Introduction: All that is Solid Changes into Something Else
Contemporary culture is at present producing a bewildering array of texts and practices in which bodily transformation and the limits of bodies lie at the heart of what is being represented and staged. This volume explores a range of these phenomena in terms of what they might mean and how they are being enacted in the twenty-first century, in terms of both their practitioners and their readers. The “Body” section focuses on depictions of extreme or limit bodies and bodily practices, such as undead or alien bodies on the one hand, or bodies which skywalk dangerously, have permanent images carved into their skin, or who contest hegemonic male power via liminal bodily practices and performances. The “Text” section looks at the creative and commercial possibilities of source materials moving, unlike in the past generally from high to low status forms, but rather in all conceivable directions. The “Transformers” franchise has been the model for the sort of dynamic movement across digital platforms and in various media packages that we find today—in toys, games, publications, films, cartoons, fansites, tie-ins, even razors. New technologies and market-savvy globalised business interests are clearly driving this process. Samples of these transformations are examined in young adult and fan fiction, in big screen to small screen transfers, in that computer-based hybrid, the live-action animation, in movie-themed video games and in the way adaptation for video game and online formats affects the very nature of contemporary storytelling.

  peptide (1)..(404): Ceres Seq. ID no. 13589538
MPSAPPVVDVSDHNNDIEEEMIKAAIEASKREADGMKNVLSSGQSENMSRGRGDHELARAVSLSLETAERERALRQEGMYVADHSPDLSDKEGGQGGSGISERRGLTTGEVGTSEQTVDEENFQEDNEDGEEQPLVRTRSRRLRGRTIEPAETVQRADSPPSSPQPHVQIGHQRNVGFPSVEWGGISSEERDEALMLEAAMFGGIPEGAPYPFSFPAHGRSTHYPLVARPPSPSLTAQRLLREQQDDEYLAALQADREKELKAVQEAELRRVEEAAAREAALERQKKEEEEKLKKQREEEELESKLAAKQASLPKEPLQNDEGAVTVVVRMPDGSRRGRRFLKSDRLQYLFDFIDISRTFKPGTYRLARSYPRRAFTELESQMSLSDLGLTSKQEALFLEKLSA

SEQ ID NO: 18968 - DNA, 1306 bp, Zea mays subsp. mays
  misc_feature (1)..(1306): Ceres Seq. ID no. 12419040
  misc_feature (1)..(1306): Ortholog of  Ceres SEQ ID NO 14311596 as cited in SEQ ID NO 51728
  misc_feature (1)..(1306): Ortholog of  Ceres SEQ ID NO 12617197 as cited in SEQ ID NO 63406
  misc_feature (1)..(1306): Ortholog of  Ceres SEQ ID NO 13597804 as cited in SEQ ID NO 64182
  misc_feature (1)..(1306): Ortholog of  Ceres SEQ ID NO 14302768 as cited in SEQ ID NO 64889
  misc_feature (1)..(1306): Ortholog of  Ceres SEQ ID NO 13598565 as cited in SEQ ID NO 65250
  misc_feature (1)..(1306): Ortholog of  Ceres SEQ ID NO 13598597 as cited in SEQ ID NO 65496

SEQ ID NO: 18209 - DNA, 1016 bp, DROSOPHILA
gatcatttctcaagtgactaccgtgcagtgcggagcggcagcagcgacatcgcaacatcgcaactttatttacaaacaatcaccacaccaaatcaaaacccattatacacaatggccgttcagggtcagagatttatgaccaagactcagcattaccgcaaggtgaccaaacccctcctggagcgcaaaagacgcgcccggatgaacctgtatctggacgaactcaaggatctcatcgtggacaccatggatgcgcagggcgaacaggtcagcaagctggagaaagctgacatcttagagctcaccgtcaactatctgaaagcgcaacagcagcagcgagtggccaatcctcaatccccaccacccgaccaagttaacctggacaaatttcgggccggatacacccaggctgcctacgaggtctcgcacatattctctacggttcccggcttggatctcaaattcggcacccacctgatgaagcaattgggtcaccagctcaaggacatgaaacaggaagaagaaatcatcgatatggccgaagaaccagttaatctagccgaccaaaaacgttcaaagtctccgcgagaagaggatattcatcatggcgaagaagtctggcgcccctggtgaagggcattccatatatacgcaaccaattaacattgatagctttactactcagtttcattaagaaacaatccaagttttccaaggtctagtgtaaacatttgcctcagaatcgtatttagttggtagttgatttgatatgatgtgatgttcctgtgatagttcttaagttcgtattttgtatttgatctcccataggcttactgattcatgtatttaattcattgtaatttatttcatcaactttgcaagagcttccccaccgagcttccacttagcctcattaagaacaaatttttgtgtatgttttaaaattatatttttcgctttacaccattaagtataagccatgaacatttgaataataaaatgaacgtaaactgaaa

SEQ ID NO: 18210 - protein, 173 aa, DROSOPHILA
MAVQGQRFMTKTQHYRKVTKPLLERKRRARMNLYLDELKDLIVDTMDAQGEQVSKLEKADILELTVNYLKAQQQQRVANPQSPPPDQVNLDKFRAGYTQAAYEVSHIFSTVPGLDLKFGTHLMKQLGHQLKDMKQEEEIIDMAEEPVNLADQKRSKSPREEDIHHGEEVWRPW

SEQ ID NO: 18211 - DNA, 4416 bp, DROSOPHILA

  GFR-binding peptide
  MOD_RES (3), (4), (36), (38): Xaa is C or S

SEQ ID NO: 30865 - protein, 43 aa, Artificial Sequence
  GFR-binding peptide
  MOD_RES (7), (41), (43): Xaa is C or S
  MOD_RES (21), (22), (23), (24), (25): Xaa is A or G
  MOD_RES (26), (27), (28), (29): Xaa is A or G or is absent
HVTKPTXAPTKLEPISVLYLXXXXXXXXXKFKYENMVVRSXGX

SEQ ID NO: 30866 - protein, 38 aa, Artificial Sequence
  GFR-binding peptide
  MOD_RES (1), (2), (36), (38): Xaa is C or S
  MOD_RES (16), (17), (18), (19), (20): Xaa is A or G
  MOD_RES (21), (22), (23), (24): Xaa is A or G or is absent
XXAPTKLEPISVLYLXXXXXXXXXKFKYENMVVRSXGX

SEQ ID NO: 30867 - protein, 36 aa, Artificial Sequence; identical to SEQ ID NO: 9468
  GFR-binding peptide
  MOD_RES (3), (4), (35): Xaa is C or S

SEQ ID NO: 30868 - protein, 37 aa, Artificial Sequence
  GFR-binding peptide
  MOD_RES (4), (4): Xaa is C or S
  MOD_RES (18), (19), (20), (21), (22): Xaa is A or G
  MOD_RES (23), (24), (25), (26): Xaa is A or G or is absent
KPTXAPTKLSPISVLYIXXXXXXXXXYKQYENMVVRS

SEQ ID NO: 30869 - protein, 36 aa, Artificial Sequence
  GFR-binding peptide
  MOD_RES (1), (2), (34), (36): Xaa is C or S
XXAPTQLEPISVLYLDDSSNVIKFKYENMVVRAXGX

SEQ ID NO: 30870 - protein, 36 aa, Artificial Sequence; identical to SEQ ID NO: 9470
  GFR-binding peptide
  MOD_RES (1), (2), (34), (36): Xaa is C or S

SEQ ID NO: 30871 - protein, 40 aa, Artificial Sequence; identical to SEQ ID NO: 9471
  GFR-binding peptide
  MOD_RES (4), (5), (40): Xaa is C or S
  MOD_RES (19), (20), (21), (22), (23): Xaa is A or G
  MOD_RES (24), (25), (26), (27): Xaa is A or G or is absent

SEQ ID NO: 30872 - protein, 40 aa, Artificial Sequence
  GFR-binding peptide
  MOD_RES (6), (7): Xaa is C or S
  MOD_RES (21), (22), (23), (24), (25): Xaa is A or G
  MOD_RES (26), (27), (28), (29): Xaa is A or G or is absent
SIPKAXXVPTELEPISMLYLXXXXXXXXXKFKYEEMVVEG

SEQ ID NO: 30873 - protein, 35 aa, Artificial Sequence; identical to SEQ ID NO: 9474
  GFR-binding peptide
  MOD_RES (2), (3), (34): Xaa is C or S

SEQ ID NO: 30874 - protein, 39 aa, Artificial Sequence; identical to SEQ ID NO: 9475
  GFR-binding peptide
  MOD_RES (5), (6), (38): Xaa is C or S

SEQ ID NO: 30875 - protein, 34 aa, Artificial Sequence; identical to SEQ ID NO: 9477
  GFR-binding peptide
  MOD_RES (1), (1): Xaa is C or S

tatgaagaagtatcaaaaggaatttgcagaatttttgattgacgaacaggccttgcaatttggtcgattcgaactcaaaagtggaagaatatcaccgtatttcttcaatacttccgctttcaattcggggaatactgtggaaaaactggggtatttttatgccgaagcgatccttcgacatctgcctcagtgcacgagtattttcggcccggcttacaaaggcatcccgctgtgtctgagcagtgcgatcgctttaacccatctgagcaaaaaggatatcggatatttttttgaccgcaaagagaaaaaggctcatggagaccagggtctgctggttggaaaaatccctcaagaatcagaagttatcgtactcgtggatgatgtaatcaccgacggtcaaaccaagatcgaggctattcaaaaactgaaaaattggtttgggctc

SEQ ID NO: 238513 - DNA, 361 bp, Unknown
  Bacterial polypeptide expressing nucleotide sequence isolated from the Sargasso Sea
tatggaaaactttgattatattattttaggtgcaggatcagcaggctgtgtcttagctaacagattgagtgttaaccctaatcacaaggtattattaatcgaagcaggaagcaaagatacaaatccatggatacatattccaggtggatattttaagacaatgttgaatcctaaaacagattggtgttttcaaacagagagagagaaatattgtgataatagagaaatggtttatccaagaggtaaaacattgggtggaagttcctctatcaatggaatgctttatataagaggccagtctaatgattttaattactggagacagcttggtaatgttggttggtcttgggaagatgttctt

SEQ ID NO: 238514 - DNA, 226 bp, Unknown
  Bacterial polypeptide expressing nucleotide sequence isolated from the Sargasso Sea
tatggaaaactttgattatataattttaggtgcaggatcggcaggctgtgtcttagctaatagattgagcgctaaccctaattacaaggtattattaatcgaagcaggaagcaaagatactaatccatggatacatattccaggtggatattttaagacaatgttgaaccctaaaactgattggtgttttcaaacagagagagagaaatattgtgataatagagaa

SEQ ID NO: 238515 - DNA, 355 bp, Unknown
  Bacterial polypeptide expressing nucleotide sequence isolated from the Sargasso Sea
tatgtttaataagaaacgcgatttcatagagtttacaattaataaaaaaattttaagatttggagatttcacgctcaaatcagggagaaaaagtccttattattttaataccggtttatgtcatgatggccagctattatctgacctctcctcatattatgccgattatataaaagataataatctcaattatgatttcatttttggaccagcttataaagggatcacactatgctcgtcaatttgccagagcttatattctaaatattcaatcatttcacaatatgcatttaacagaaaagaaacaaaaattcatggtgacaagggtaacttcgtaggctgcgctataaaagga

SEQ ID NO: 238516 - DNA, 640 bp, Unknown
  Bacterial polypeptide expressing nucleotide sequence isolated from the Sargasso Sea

KeywordsBodies Adaptation Media studies Transformation Liminality
We would like to acknowledge the assistance and input in the realization of this project of Andreia Sarabando in particular, as well as Danuta Gabryś-Barker, Roger Davis, Jon Cornwall and Maria Teresa Cortez.